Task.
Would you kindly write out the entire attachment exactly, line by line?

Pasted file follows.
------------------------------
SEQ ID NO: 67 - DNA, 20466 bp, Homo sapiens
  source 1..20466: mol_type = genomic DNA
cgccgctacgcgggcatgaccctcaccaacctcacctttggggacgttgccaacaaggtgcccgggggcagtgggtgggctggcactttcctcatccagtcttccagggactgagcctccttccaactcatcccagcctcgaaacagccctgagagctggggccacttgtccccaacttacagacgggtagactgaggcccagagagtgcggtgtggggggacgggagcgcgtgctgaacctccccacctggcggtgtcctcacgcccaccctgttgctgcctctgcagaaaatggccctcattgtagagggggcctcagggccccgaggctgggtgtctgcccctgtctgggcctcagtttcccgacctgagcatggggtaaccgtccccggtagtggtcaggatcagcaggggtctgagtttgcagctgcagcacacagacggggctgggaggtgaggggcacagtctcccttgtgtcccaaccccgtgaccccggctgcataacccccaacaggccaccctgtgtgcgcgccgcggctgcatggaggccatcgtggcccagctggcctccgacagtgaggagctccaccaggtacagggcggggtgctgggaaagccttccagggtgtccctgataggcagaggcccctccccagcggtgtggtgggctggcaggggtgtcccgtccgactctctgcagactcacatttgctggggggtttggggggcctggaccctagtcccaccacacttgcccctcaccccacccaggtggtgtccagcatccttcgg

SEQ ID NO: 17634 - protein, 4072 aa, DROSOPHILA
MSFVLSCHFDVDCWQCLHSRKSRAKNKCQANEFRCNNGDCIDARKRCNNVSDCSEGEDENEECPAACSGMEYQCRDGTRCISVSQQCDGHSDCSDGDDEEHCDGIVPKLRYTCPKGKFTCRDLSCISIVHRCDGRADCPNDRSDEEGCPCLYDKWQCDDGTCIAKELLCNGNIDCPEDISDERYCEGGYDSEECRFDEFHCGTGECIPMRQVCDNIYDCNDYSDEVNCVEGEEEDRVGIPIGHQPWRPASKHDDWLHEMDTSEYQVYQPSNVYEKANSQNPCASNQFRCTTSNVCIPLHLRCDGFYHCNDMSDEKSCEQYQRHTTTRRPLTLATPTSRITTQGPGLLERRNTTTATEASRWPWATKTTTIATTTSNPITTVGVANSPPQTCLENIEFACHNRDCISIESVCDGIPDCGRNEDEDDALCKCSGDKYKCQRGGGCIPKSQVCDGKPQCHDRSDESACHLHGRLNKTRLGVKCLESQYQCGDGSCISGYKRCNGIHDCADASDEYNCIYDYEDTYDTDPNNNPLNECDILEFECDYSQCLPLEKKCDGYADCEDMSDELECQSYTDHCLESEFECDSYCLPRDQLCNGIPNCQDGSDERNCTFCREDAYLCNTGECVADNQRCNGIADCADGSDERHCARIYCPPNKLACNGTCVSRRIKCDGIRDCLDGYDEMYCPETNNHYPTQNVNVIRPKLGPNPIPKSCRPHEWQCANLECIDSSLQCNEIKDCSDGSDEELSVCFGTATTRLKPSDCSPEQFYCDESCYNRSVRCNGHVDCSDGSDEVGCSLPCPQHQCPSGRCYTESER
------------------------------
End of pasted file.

SEQ ID NO: 67 - DNA, 20466 bp, Homo sapiens
  source 1..20466: mol_type = genomic DNA
cgccgctacgcgggcatgaccctcaccaacctcacctttggggacgttgccaacaaggtgcccgggggcagtgggtgggctggcactttcctcatccagtcttccagggactgagcctccttccaactcatcccagcctcgaaacagccctgagagctggggccacttgtccccaacttacagacgggtagactgaggcccagagagtgcggtgtggggggacgggagcgcgtgctgaacctccccacctggcggtgtcctcacgcccaccctgttgctgcctctgcagaaaatggccctcattgtagagggggcctcagggccccgaggctgggtgtctgcccctgtctgggcctcagtttcccgacctgagcatggggtaaccgtccccggtagtggtcaggatcagcaggggtctgagtttgcagctgcagcacacagacggggctgggaggtgaggggcacagtctcccttgtgtcccaaccccgtgaccccggctgcataacccccaacaggccaccctgtgtgcgcgccgcggctgcatggaggccatcgtggcccagctggcctccgacagtgaggagctccaccaggtacagggcggggtgctgggaaagccttccagggtgtccctgataggcagaggcccctccccagcggtgtggtgggctggcaggggtgtcccgtccgactctctgcagactcacatttgctggggggtttggggggcctggaccctagtcccaccacacttgcccctcaccccacccaggtggtgtccagcatccttcgg

SEQ ID NO: 17634 - protein, 4072 aa, DROSOPHILA
MSFVLSCHFDVDCWQCLHSRKSRAKNKCQANEFRCNNGDCIDARKRCNNVSDCSEGEDENEECPAACSGMEYQCRDGTRCISVSQQCDGHSDCSDGDDEEHCDGIVPKLRYTCPKGKFTCRDLSCISIVHRCDGRADCPNDRSDEEGCPCLYDKWQCDDGTCIAKELLCNGNIDCPEDISDERYCEGGYDSEECRFDEFHCGTGECIPMRQVCDNIYDCNDYSDEVNCVEGEEEDRVGIPIGHQPWRPASKHDDWLHEMDTSEYQVYQPSNVYEKANSQNPCASNQFRCTTSNVCIPLHLRCDGFYHCNDMSDEKSCEQYQRHTTTRRPLTLATPTSRITTQGPGLLERRNTTTATEASRWPWATKTTTIATTTSNPITTVGVANSPPQTCLENIEFACHNRDCISIESVCDGIPDCGRNEDEDDALCKCSGDKYKCQRGGGCIPKSQVCDGKPQCHDRSDESACHLHGRLNKTRLGVKCLESQYQCGDGSCISGYKRCNGIHDCADASDEYNCIYDYEDTYDTDPNNNPLNECDILEFECDYSQCLPLEKKCDGYADCEDMSDELECQSYTDHCLESEFECDSYCLPRDQLCNGIPNCQDGSDERNCTFCREDAYLCNTGECVADNQRCNGIADCADGSDERHCARIYCPPNKLACNGTCVSRRIKCDGIRDCLDGYDEMYCPETNNHYPTQNVNVIRPKLGPNPIPKSCRPHEWQCANLECIDSSLQCNEIKDCSDGSDEELSVCFGTATTRLKPSDCSPEQFYCDESCYNRSVRCNGHVDCSDGSDEVGCSLPCPQHQCPSGRCYTESER